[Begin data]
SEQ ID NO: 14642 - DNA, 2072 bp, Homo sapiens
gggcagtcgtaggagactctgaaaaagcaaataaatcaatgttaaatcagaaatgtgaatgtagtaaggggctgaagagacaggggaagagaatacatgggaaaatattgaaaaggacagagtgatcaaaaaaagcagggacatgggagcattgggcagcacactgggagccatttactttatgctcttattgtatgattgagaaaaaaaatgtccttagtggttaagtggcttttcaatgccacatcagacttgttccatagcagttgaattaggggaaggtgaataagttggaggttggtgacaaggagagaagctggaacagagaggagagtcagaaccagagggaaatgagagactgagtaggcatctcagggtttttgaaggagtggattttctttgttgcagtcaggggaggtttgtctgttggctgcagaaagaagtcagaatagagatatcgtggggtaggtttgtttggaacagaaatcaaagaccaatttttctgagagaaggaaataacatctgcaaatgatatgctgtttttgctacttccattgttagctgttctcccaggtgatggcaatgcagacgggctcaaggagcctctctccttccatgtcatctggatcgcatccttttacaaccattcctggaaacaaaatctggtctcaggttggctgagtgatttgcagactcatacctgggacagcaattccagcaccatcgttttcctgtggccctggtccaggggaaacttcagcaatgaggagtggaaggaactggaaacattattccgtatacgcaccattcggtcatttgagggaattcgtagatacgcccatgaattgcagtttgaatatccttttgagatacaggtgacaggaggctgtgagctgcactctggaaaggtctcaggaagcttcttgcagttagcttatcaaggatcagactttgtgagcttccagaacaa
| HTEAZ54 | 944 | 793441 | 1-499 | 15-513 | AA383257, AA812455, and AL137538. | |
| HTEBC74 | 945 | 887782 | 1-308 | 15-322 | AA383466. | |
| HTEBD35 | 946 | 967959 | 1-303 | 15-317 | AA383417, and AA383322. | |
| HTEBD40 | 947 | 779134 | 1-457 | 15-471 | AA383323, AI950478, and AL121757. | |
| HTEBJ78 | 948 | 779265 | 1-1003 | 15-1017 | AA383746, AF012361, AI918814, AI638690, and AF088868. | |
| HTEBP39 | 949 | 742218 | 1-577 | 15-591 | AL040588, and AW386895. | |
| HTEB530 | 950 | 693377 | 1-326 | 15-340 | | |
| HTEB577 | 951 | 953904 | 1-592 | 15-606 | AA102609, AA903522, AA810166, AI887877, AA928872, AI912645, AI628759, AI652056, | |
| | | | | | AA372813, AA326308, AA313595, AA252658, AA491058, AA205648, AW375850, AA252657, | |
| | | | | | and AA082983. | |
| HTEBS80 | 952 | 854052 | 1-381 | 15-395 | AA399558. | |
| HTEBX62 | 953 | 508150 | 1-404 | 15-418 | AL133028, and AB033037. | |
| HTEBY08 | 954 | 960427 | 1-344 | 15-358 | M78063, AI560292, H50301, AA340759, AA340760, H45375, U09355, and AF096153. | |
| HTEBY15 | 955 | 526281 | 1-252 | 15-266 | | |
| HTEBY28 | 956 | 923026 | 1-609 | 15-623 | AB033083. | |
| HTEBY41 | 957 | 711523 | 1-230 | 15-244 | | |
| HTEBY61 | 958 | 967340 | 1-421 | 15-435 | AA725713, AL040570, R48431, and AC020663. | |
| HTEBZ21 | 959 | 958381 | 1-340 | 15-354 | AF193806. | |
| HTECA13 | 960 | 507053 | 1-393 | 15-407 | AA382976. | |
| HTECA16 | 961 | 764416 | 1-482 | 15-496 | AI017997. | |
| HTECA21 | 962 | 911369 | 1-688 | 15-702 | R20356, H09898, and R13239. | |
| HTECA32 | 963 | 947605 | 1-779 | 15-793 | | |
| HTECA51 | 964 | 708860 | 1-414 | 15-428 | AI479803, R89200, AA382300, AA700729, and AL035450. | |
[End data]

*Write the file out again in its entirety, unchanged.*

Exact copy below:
SEQ ID NO: 14642 - DNA, 2072 bp, Homo sapiens
gggcagtcgtaggagactctgaaaaagcaaataaatcaatgttaaatcagaaatgtgaatgtagtaaggggctgaagagacaggggaagagaatacatgggaaaatattgaaaaggacagagtgatcaaaaaaagcagggacatgggagcattgggcagcacactgggagccatttactttatgctcttattgtatgattgagaaaaaaaatgtccttagtggttaagtggcttttcaatgccacatcagacttgttccatagcagttgaattaggggaaggtgaataagttggaggttggtgacaaggagagaagctggaacagagaggagagtcagaaccagagggaaatgagagactgagtaggcatctcagggtttttgaaggagtggattttctttgttgcagtcaggggaggtttgtctgttggctgcagaaagaagtcagaatagagatatcgtggggtaggtttgtttggaacagaaatcaaagaccaatttttctgagagaaggaaataacatctgcaaatgatatgctgtttttgctacttccattgttagctgttctcccaggtgatggcaatgcagacgggctcaaggagcctctctccttccatgtcatctggatcgcatccttttacaaccattcctggaaacaaaatctggtctcaggttggctgagtgatttgcagactcatacctgggacagcaattccagcaccatcgttttcctgtggccctggtccaggggaaacttcagcaatgaggagtggaaggaactggaaacattattccgtatacgcaccattcggtcatttgagggaattcgtagatacgcccatgaattgcagtttgaatatccttttgagatacaggtgacaggaggctgtgagctgcactctggaaaggtctcaggaagcttcttgcagttagcttatcaaggatcagactttgtgagcttccagaacaa
| HTEAZ54 | 944 | 793441 | 1-499 | 15-513 | AA383257, AA812455, and AL137538. | |
| HTEBC74 | 945 | 887782 | 1-308 | 15-322 | AA383466. | |
| HTEBD35 | 946 | 967959 | 1-303 | 15-317 | AA383417, and AA383322. | |
| HTEBD40 | 947 | 779134 | 1-457 | 15-471 | AA383323, AI950478, and AL121757. | |
| HTEBJ78 | 948 | 779265 | 1-1003 | 15-1017 | AA383746, AF012361, AI918814, AI638690, and AF088868. | |
| HTEBP39 | 949 | 742218 | 1-577 | 15-591 | AL040588, and AW386895. | |
| HTEB530 | 950 | 693377 | 1-326 | 15-340 | | |
| HTEB577 | 951 | 953904 | 1-592 | 15-606 | AA102609, AA903522, AA810166, AI887877, AA928872, AI912645, AI628759, AI652056, | |
| | | | | | AA372813, AA326308, AA313595, AA252658, AA491058, AA205648, AW375850, AA252657, | |
| | | | | | and AA082983. | |
| HTEBS80 | 952 | 854052 | 1-381 | 15-395 | AA399558. | |
| HTEBX62 | 953 | 508150 | 1-404 | 15-418 | AL133028, and AB033037. | |
| HTEBY08 | 954 | 960427 | 1-344 | 15-358 | M78063, AI560292, H50301, AA340759, AA340760, H45375, U09355, and AF096153. | |
| HTEBY15 | 955 | 526281 | 1-252 | 15-266 | | |
| HTEBY28 | 956 | 923026 | 1-609 | 15-623 | AB033083. | |
| HTEBY41 | 957 | 711523 | 1-230 | 15-244 | | |
| HTEBY61 | 958 | 967340 | 1-421 | 15-435 | AA725713, AL040570, R48431, and AC020663. | |
| HTEBZ21 | 959 | 958381 | 1-340 | 15-354 | AF193806. | |
| HTECA13 | 960 | 507053 | 1-393 | 15-407 | AA382976. | |
| HTECA16 | 961 | 764416 | 1-482 | 15-496 | AI017997. | |
| HTECA21 | 962 | 911369 | 1-688 | 15-702 | R20356, H09898, and R13239. | |
| HTECA32 | 963 | 947605 | 1-779 | 15-793 | | |
| HTECA51 | 964 | 708860 | 1-414 | 15-428 | AI479803, R89200, AA382300, AA700729, and AL035450. | |